A Spike in Pedestrian Deaths: Should Changes Be Made?
A nationwide surge in pedestrian deaths has safety officials concerned. From 2009 to 2016, the number of pedestrians killed in auto accidents jumped 46 percent. Now the National Transportation Safety Board (NTSB) is calling for increased safety measures.
Will higher safety standards lower pedestrian deaths?
The NTSB is asking for national and federal safety administrations such as the Federal Highway Administration and the National Highway Traffic Safety Administration to establish new rules. The board is recommending the following increased safety measures in vehicles to reduce pedestrian fatalities:
Better headlight standards
Improved breaking systems
The NTSB is also pushing for the Federal Highway Administration to increase support for state and local authorities to create pedestrian safety plans. Alaskan engineers and road managers would better understand how to enact improved highway pedestrian safety designs than federal workers. This would be beneficial for local joggers, cyclists and walking pedestrians since there were 14 pedestrian deaths in Alaska last year.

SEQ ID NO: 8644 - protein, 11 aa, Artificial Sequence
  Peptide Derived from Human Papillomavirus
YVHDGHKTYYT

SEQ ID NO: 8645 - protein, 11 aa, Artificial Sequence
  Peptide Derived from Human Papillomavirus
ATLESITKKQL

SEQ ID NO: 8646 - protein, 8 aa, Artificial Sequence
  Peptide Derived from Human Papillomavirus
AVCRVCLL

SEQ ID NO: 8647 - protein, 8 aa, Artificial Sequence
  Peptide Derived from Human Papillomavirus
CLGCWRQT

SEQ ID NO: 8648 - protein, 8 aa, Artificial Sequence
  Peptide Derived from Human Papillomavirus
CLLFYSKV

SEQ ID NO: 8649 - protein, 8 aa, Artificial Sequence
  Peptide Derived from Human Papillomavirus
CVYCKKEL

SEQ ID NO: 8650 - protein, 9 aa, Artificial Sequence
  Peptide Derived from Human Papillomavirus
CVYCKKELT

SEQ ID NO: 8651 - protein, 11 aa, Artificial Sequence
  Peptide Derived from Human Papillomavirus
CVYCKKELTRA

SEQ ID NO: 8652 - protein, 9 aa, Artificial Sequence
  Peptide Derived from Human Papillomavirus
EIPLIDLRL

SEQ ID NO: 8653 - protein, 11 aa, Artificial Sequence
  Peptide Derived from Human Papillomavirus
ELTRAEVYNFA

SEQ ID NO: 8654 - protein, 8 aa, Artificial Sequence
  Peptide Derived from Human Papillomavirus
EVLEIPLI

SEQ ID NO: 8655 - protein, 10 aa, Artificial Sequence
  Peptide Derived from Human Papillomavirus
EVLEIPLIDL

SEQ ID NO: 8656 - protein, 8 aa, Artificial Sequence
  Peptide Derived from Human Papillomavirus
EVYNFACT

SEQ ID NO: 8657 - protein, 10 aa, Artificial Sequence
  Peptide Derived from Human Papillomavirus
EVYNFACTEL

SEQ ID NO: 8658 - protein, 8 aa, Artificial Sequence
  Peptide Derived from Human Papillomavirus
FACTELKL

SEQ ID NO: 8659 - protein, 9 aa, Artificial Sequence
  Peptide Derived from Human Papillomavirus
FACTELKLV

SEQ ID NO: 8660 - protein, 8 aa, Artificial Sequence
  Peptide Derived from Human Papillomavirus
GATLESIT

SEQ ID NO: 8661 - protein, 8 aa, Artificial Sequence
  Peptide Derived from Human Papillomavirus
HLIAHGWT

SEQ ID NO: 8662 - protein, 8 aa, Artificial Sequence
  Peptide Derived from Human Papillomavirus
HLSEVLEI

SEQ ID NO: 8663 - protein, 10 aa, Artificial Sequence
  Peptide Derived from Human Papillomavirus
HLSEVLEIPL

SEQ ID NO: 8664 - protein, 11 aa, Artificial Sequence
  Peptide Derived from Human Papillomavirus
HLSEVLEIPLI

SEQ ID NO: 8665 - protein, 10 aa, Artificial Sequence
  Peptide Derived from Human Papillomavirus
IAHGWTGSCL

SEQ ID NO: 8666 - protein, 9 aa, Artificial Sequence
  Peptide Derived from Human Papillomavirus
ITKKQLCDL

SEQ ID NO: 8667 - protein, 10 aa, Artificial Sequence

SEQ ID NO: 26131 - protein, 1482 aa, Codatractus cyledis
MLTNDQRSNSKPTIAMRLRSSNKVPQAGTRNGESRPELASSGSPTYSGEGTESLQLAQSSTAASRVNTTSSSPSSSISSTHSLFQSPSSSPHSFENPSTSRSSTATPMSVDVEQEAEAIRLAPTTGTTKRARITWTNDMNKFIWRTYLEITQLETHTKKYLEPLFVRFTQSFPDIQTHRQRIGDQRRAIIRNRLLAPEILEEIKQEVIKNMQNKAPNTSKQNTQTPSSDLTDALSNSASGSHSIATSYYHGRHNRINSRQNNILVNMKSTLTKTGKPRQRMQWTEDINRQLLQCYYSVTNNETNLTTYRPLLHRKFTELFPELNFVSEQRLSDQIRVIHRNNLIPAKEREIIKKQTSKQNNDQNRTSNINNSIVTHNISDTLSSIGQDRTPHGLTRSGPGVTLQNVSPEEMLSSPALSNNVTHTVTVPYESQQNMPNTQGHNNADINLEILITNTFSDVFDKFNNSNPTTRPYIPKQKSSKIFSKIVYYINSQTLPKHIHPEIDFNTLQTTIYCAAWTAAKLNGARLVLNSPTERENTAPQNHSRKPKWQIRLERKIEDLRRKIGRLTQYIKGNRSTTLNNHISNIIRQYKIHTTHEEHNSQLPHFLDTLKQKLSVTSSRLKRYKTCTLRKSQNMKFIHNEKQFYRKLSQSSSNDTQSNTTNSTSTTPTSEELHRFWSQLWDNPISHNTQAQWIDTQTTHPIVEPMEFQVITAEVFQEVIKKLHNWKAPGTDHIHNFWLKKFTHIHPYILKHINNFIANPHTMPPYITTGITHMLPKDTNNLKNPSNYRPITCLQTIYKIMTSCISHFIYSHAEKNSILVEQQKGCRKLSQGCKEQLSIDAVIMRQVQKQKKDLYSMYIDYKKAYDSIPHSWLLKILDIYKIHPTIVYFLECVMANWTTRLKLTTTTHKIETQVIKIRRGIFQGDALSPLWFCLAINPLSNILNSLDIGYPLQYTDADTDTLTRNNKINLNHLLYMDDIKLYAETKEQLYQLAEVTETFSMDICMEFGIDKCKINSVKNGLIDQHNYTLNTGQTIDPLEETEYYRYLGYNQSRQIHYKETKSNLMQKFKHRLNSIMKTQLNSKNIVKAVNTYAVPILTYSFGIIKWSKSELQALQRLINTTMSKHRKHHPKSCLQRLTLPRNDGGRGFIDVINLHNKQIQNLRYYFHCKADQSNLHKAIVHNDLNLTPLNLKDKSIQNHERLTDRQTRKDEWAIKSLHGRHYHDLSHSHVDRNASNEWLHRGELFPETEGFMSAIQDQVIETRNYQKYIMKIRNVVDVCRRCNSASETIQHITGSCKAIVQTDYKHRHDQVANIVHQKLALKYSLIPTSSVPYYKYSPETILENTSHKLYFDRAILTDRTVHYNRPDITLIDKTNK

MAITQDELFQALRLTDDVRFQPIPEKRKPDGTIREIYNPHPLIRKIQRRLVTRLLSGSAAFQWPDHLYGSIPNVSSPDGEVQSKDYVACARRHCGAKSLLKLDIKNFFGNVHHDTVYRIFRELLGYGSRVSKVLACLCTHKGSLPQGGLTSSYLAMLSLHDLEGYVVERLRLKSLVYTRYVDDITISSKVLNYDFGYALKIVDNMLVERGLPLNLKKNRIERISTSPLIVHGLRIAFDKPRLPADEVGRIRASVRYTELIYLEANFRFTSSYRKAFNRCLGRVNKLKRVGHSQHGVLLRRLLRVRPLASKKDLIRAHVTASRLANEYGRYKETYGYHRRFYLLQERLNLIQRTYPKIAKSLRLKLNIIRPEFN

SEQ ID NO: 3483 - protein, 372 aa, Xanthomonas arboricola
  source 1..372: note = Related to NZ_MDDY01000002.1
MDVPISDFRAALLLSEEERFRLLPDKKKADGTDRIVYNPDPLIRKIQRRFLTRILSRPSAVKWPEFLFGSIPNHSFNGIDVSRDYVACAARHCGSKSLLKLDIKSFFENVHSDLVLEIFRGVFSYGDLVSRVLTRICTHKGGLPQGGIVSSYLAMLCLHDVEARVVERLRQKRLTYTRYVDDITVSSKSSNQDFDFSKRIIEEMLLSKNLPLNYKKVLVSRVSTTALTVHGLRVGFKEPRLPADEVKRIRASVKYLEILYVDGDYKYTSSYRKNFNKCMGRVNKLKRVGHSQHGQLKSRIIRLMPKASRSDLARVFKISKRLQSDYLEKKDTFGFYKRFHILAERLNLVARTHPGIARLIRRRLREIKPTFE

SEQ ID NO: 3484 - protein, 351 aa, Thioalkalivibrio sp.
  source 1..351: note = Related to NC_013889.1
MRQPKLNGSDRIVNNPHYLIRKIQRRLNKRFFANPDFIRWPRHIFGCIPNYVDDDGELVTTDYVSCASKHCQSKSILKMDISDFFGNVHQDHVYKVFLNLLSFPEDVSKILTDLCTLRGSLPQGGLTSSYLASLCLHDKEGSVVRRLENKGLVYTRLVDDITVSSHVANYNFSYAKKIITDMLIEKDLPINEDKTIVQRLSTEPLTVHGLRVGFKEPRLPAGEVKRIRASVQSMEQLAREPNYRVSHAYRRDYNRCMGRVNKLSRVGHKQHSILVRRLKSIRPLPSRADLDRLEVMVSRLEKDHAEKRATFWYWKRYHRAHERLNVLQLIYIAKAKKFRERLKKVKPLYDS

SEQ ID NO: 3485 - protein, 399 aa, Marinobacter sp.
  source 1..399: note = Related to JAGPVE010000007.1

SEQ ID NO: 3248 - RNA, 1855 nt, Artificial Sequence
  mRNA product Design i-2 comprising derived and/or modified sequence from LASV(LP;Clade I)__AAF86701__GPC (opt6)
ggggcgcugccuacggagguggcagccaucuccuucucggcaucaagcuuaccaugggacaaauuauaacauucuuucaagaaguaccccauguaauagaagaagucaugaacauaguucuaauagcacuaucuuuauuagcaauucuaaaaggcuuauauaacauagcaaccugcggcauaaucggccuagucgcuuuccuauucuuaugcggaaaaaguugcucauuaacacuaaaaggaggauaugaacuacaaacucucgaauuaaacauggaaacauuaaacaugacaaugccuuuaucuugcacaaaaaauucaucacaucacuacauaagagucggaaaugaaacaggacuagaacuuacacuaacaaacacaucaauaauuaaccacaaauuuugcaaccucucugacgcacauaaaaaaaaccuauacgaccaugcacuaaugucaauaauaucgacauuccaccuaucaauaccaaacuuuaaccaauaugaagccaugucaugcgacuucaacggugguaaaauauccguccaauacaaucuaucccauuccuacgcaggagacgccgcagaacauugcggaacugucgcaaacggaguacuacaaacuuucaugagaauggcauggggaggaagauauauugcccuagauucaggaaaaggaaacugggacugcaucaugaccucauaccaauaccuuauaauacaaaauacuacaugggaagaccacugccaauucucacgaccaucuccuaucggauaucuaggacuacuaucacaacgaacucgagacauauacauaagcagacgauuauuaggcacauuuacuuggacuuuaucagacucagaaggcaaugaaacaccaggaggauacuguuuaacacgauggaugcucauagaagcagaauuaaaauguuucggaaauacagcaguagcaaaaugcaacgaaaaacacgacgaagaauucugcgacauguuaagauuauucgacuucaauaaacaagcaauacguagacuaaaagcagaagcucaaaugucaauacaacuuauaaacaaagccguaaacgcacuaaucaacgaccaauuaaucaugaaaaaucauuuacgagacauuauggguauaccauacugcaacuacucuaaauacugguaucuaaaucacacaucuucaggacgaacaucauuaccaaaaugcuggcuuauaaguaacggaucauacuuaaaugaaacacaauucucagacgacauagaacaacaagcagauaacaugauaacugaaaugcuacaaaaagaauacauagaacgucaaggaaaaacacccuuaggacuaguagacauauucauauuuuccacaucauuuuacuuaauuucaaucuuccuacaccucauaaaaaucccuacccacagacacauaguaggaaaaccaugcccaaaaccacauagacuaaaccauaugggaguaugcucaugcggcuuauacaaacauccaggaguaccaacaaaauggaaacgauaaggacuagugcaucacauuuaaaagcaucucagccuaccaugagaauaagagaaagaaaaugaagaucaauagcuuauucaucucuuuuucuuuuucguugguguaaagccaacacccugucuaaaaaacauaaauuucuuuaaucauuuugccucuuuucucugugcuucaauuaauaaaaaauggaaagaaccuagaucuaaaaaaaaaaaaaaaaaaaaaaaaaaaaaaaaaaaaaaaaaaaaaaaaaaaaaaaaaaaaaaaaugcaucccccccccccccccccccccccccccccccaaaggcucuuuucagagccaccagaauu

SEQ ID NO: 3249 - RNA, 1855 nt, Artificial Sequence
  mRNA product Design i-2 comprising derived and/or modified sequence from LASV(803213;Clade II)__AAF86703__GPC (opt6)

The director of the NTSB also calls for increasing available sidewalks and medians nationwide where pedestrians cannot safety travel. Additionally, he recommends:
Better nighttime lighting on streets
Automatic speed enforcement
Public education regarding pedestrian safety
Why Are Pedestrian Fatalities Increasing?
There are no direct links as to why pedestrian deaths are rising nationwide, however, some researchers have suggestions. Some say an improving economy means more pedestrians are outside shopping and going places, placing a higher amount of people at risk. Other researchers believe that an increase in distracted driving is leading to more pedestrian accidents.
Statistics show that millions of drivers use their phones every day. Drivers are more often seen scrolling through social media, swiping on dating apps and texting. While Alaska does not have a ban on making phone calls while driving, our state does have strict texting and driving penalties. A fine of up to $10,000 for texting and driving is a persuasive method to keep driver’s eyes on the road.